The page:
But of all his letters I ever saw, the one that struck me most was his last. He was writing in favor of freeing the Big Spring, and this line rang out like it was written by a man who knew his time was ending – which, of course, it was. He wrote, “Mother Nature must be recognized in all things eventually.”
Any death, as Mother Nature knows, is hardest for the living, and in this case it’s complicated by our public health crisis. Under normal circumstances (remember those?) I’m guessing there would have been a public ceremony or celebration for Bobby – for us, really – a gathering full of fellowship, story swaps, and the comforting consumption of macaroni salad, ham biscuits, and tea so sweet it’s liable to make your teeth fall out on the spot.
As it is, we must somehow integrate the loss of this larger-than-life man who deeply influenced our social web, and we must do it in social isolation. That smarts.
So I propose, as an antidote to that sting, that we make our own acknowledgments, and raise our own glasses, alone together. I’ll start. To the incomparable Bobby Waid: May we recognize Mother Nature, live lives worth telling about, and not waste our ink.
– Mary Beth (Ladenheim) Huwe
Leaders should also follow guidelines given to citizens
I just read the story about Botetourt Board of Supervisors Chairman Billy Martin attending a meeting at the White House on July 16 in the July 29 Fincastle Herald. Additionally, I saw the submitted photo of him and Dr. Amy Johnson at the event.
The first impression I had was that Chairman Martin and Dr. Johnson did not have on a face covering. My second impression was they were not social distanced. As a person that wears a face covering in public, and tries to social distance, this is not acceptable to me. Our leaders, at any level, should always follow the guidelines handed down to all the citizens. They should be the ones that set examples for others to follow and it makes no difference where they are, or what they are attending in an official capacity.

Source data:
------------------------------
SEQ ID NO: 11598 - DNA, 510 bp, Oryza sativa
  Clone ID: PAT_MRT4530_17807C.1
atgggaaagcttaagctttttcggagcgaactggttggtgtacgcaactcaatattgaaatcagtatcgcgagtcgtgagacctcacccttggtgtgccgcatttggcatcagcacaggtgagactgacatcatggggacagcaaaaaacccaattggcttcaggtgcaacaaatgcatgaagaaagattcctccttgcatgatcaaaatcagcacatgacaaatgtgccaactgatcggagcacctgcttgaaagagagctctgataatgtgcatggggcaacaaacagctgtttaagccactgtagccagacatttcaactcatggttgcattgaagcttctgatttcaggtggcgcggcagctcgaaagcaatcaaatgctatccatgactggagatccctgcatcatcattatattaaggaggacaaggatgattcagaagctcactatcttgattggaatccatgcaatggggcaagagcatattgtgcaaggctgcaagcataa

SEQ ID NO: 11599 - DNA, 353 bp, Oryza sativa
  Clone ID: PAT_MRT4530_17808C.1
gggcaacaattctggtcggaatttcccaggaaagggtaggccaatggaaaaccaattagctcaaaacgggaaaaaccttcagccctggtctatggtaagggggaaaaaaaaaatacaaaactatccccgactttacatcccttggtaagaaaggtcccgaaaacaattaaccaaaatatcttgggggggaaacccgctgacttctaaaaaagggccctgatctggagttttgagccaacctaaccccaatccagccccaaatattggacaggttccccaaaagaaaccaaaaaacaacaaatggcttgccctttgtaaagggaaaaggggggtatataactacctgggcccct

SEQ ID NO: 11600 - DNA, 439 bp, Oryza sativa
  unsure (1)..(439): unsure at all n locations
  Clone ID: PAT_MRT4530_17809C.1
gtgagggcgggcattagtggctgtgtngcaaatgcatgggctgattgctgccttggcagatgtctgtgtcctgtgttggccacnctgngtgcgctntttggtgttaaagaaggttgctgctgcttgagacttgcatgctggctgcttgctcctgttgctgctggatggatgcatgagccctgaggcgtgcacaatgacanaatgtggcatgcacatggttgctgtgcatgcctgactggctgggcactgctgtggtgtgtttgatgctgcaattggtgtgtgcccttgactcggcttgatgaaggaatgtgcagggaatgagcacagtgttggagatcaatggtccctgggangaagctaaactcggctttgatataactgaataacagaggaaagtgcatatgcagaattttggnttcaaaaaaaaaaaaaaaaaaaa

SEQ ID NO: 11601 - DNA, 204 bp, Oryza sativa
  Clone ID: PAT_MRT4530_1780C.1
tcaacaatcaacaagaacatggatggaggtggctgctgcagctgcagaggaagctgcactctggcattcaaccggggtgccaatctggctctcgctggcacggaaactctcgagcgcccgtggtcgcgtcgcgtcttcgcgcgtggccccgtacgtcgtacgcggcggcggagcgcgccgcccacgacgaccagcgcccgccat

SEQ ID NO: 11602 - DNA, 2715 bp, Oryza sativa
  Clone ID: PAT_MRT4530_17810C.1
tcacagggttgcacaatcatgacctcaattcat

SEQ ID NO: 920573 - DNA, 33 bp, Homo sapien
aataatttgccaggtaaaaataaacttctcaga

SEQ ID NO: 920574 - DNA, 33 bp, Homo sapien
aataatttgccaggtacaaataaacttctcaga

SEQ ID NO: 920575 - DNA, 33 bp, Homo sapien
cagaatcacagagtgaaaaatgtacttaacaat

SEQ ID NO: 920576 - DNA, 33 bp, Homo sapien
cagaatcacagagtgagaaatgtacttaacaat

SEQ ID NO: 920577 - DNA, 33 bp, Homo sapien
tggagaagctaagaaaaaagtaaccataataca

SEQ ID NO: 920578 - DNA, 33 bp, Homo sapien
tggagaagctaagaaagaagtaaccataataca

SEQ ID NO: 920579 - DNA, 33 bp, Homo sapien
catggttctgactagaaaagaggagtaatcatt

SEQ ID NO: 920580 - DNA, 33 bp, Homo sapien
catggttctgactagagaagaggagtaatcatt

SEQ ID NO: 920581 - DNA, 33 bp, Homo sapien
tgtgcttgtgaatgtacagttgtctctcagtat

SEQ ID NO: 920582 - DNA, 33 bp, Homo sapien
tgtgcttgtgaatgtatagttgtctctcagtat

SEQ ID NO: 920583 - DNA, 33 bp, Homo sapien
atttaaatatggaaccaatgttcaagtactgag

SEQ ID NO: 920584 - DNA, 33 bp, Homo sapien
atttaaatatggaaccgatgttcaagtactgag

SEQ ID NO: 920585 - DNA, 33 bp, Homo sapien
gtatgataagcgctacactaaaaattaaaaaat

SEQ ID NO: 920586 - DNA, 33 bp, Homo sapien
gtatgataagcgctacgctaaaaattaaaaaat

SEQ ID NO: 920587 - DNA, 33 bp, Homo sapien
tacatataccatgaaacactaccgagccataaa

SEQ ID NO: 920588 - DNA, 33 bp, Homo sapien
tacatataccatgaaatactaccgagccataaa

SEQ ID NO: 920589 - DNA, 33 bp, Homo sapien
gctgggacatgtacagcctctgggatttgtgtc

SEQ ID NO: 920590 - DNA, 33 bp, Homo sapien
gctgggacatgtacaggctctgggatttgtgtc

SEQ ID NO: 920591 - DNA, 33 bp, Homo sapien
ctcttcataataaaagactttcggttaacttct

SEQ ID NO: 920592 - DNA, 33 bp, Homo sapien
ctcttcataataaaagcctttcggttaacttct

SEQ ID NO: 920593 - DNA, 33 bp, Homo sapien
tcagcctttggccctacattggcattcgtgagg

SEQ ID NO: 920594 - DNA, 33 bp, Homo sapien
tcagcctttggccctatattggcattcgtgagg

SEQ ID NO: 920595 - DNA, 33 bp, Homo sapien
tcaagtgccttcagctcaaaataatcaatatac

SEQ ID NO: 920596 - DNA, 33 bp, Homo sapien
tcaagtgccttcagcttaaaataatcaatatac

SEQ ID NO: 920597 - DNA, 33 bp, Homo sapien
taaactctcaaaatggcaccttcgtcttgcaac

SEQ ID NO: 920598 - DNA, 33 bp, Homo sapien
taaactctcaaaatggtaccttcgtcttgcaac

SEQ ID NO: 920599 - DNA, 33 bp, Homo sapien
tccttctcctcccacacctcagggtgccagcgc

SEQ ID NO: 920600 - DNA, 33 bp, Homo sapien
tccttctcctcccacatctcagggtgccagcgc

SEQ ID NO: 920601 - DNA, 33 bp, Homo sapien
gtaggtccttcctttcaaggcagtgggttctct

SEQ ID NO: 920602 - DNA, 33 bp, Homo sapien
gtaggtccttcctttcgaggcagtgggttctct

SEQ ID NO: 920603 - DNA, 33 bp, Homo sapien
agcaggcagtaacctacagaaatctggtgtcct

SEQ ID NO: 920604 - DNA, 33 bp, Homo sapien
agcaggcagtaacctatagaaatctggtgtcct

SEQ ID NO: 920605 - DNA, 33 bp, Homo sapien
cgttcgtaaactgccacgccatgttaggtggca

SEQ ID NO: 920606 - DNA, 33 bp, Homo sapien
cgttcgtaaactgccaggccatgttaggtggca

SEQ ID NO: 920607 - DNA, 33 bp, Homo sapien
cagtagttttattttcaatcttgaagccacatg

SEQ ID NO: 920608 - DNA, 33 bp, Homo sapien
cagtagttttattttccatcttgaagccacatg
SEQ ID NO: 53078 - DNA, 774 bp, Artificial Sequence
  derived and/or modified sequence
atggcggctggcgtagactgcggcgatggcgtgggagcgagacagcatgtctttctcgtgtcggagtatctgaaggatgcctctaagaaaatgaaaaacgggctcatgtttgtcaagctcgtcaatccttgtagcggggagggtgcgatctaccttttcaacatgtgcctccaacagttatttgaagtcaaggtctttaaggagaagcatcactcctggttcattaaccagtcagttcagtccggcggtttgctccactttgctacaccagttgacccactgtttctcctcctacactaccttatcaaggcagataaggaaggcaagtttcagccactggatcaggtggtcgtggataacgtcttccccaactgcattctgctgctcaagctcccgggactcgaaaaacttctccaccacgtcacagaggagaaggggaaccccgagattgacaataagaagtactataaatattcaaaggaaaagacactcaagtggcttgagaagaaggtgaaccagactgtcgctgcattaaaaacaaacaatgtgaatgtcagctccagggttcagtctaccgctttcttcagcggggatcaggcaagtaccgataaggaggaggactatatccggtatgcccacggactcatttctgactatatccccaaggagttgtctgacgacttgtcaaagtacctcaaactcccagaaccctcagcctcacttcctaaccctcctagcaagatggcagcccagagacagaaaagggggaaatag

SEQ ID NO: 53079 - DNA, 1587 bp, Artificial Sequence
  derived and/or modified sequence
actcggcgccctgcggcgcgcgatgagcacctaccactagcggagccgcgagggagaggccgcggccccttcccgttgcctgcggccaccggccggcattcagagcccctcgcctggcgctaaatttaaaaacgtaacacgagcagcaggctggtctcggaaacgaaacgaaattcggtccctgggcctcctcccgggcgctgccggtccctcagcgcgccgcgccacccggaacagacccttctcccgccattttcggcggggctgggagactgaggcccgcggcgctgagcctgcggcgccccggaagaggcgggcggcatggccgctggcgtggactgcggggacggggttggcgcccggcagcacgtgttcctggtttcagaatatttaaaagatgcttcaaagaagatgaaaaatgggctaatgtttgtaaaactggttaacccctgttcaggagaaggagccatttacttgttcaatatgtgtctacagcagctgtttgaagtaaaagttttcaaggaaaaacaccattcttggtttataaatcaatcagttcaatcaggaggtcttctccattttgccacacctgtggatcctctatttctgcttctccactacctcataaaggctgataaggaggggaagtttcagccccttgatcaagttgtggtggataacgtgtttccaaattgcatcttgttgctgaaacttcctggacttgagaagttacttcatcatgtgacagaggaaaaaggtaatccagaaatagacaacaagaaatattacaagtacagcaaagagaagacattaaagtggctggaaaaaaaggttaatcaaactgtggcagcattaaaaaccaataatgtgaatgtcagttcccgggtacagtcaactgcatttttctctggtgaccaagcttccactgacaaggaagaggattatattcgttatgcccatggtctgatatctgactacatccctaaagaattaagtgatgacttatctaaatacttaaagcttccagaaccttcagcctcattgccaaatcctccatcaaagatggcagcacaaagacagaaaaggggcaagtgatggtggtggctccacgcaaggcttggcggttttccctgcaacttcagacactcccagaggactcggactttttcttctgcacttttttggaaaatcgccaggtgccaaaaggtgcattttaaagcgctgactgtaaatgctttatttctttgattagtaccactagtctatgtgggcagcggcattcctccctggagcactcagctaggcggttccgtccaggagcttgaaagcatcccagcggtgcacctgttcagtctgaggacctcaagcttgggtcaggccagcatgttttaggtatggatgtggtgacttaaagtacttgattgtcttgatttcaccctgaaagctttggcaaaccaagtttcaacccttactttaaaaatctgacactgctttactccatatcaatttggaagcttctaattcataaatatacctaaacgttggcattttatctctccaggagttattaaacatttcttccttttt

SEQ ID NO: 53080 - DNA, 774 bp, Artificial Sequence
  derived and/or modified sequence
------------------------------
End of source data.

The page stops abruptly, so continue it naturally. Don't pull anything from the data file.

There are many more comments I could make, but the story covered the event, and as they say, “a picture is worth a thousand words.”
My wish is for everyone to wear a face covering and social distance so we can defeat COVID-19 and move forward to better days.
– William Todd
Reader says if one proposal is approved, others will follow
Mountains are nature’s source of water. The southern end of North Mountain is the source of two watersheds of Botetourt County. These are the Sinking Creek watershed on the west side and Mill Creek watershed on the east side, which flows around the southern end of North Mountain. Both creeks flow toward Gala, then empty into the James River.
The proposal passed by the Botetourt Board of Supervisors allows a three-mile massive industrial site consisting of 20 giant wind turbines on the southern end of North Mountain. This proposal would compromise and damage the quality of fresh water of both Mill Creek and Sinking Creek watersheds. This would benefit water merchants of some place else.
Decades ago, the citizens of Northern Botetourt fought against proposals to allow large-scale surface mining in the county. It was pointed out then that Mead Westvaco had sold all the timberland Westvaco had owned after the two corporations had merged. This amounted to 40,000 acres, which were sold in a few large tracts, thus only upper financial speculators could afford a purchase. The point against the proposal was that if one large surface mining operation is allowed, any future proposals for the same operations would not be able to be denied.
A few years ago, a Botetourt Board of Supervisors allowed the destruction of a national historical heritage site at Greenfield. This was allowed so the space could be sold to Roanoke County, so Roanoke County could build a shell building to rent or sell. Whose or what interests are the Botetourt Board of Supervisors looking after?
– Bob Hundley